Is a Study Chair Or Office Chair Better?

Maybe They Can Be the Same Chair!

Students everywhere know the pain that can result from endless hours of studying in an uncomfortable chair. You need to create good office solutions with a comfortable study chair. Whether you pick something ergonomic or more old-fashioned, there is a good office study chair out there for you.

With a little bit of research you can find the solution that will work best for you in your study environment. Somethings that any study chair should have are adjustability, a soft seat cushion, and lumbar support. 

One useful type of study chair is  the ergonomic kneeling posture study chair. If you find yourself hunched over a lot when studying, maybe you should think about using an ergonomic kneeling posture study chair. These are especially good for those who use drafting tables or art tables and need to leaning over them for long amounts of time. However, I don't like these types of kneeling posture chairs as much when I'm writing or compiling study notes. Also, maybe a little bit ironically, when I am drawing with my Wacom Tablet, I like to position it in my lap, so I don't even use an art table for that!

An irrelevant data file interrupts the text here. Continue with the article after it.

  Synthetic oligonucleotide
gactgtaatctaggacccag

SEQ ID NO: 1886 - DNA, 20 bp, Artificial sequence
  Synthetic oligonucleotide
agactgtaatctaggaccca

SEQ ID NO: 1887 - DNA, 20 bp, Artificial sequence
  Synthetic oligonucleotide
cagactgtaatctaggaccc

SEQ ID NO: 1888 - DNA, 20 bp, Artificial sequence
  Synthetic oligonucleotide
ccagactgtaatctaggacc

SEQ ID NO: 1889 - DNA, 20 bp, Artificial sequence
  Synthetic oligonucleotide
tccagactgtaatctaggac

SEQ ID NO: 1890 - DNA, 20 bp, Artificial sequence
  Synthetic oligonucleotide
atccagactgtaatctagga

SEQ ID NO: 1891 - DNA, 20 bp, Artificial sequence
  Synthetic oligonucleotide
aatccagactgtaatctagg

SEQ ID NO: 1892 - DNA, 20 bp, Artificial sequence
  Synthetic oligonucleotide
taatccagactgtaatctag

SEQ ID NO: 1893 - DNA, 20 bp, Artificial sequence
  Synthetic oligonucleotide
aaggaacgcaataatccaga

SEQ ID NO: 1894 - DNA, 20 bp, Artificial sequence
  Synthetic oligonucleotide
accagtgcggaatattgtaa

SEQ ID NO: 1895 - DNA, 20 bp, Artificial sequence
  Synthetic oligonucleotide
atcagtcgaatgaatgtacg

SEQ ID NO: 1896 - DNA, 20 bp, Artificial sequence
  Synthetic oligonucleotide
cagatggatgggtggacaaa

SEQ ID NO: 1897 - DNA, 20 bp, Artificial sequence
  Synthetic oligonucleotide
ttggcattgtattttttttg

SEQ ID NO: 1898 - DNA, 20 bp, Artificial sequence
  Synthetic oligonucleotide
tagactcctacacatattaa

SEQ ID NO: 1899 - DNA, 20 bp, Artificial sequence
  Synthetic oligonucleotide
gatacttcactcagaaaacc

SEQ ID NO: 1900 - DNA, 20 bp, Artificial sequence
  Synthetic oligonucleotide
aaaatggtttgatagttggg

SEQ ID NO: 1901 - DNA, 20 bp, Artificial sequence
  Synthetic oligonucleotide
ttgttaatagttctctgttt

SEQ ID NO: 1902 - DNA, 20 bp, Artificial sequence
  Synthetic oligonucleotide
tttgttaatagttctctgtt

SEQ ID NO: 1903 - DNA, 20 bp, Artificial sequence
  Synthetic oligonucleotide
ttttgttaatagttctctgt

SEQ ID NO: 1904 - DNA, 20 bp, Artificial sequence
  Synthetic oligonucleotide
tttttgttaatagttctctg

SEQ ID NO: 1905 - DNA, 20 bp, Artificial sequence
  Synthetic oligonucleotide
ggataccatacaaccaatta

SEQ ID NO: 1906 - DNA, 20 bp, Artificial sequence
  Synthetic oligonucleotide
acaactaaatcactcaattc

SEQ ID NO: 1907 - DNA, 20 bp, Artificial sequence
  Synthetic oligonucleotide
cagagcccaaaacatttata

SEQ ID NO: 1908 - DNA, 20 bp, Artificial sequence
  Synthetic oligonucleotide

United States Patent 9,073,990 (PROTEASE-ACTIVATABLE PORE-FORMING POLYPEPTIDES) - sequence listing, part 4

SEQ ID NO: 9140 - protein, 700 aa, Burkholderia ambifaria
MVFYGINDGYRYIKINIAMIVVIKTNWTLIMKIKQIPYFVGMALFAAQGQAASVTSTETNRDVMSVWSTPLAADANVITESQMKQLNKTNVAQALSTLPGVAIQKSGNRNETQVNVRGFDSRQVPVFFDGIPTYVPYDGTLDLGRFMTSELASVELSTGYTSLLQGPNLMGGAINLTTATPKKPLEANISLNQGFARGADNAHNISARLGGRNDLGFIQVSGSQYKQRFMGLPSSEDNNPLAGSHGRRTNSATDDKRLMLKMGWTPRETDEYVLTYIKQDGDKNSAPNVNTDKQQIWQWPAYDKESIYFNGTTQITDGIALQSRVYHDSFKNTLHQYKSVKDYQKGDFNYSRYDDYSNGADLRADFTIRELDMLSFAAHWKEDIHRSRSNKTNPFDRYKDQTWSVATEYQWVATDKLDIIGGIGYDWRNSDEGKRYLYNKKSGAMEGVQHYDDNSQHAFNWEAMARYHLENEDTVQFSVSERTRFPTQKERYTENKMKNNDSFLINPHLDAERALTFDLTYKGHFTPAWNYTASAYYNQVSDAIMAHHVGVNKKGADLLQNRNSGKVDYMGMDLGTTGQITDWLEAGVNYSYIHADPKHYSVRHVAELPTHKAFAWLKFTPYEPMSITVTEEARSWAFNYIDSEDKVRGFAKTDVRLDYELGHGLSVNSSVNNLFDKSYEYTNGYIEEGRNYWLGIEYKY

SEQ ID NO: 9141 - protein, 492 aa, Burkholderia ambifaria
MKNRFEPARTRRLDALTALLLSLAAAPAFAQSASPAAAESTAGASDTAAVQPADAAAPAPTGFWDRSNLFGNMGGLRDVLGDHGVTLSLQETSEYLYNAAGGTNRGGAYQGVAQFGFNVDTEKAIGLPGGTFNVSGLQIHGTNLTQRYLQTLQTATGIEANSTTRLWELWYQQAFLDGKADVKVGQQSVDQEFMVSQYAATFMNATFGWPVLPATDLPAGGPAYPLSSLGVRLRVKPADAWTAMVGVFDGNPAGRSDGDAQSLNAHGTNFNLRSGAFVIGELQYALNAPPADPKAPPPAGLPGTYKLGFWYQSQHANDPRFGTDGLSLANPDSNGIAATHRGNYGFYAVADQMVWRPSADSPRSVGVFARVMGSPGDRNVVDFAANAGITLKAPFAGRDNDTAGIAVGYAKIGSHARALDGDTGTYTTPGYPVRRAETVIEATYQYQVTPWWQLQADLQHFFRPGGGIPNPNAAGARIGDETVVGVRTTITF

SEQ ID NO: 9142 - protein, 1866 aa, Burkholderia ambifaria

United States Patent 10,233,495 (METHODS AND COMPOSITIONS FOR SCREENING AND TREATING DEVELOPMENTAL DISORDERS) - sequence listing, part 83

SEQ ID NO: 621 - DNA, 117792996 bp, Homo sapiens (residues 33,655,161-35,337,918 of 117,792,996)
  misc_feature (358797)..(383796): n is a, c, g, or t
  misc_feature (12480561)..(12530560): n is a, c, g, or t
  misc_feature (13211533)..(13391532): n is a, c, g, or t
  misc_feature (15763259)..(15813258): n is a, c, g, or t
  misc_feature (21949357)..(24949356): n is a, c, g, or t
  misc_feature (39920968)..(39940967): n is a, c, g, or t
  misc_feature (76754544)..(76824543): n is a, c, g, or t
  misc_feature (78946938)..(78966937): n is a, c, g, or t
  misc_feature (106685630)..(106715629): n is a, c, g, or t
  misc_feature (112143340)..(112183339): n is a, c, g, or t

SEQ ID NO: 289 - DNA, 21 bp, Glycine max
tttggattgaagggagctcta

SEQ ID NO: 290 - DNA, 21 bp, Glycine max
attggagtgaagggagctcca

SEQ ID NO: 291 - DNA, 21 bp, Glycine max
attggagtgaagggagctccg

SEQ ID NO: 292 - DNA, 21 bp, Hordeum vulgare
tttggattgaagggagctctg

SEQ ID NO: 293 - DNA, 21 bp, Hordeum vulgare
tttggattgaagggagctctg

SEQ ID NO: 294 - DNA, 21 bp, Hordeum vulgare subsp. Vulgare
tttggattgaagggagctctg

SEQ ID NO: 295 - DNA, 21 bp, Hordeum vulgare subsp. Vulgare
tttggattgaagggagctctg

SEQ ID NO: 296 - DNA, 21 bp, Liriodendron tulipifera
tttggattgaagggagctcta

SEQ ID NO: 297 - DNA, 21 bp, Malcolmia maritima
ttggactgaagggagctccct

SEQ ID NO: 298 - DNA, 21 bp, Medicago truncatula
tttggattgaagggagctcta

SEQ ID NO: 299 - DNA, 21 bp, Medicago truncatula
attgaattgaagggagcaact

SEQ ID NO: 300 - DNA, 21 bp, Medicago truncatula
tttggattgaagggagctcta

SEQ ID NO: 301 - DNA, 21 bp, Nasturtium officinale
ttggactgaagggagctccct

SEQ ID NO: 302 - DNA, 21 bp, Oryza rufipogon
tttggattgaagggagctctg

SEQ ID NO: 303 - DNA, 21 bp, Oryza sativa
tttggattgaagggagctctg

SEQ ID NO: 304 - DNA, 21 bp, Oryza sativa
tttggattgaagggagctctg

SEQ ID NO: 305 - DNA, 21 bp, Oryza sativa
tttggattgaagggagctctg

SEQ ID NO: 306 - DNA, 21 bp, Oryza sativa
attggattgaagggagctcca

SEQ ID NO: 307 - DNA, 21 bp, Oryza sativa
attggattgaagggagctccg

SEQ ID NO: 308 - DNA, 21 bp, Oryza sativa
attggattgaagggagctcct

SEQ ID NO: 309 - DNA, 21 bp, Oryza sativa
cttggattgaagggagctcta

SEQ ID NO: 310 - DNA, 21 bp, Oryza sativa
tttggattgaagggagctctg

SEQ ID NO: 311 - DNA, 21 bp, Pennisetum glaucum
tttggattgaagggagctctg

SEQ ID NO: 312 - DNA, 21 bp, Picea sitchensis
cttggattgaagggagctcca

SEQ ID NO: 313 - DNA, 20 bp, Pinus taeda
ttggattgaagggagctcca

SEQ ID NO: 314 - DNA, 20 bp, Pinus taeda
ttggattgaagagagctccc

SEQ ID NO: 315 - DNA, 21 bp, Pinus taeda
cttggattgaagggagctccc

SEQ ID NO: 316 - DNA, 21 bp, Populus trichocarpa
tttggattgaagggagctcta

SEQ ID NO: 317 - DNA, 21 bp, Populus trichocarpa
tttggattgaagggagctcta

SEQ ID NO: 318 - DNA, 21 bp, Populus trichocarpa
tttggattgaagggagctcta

So, for drawing on a Wacom Tablet or when using a keyboard for writing, I much prefer a more traditional type of ergonomic chair, such as one from Aeron. These are pretty expensive, but they are really worth the investment if you plan on using your chair for more than a few hours a day. Another good choice is the range of ergonomic chairs offered by Herman Miller.  You can get an outstanding study chair for less than $700, and even one you will be satisfied with for less than $200. But whatever you do, don't spend less than $100 for a new study chair for your home or office. If you can get a good deal on a used chair by a respected company, though, more power to you.

A final piece of advice for better using your new study chair. Many people have an attention span that diminishes the longer they sit in a chair, so it might be a good idea to take breaks of 10-15 minutes for every hour of study. During this time, take a short walk, maybe do a few non-intensive exercises (sit-ups, a few push-ups), and otherwise try to get your blood flowing. After all, nobody was built for just sitting in a chair all day!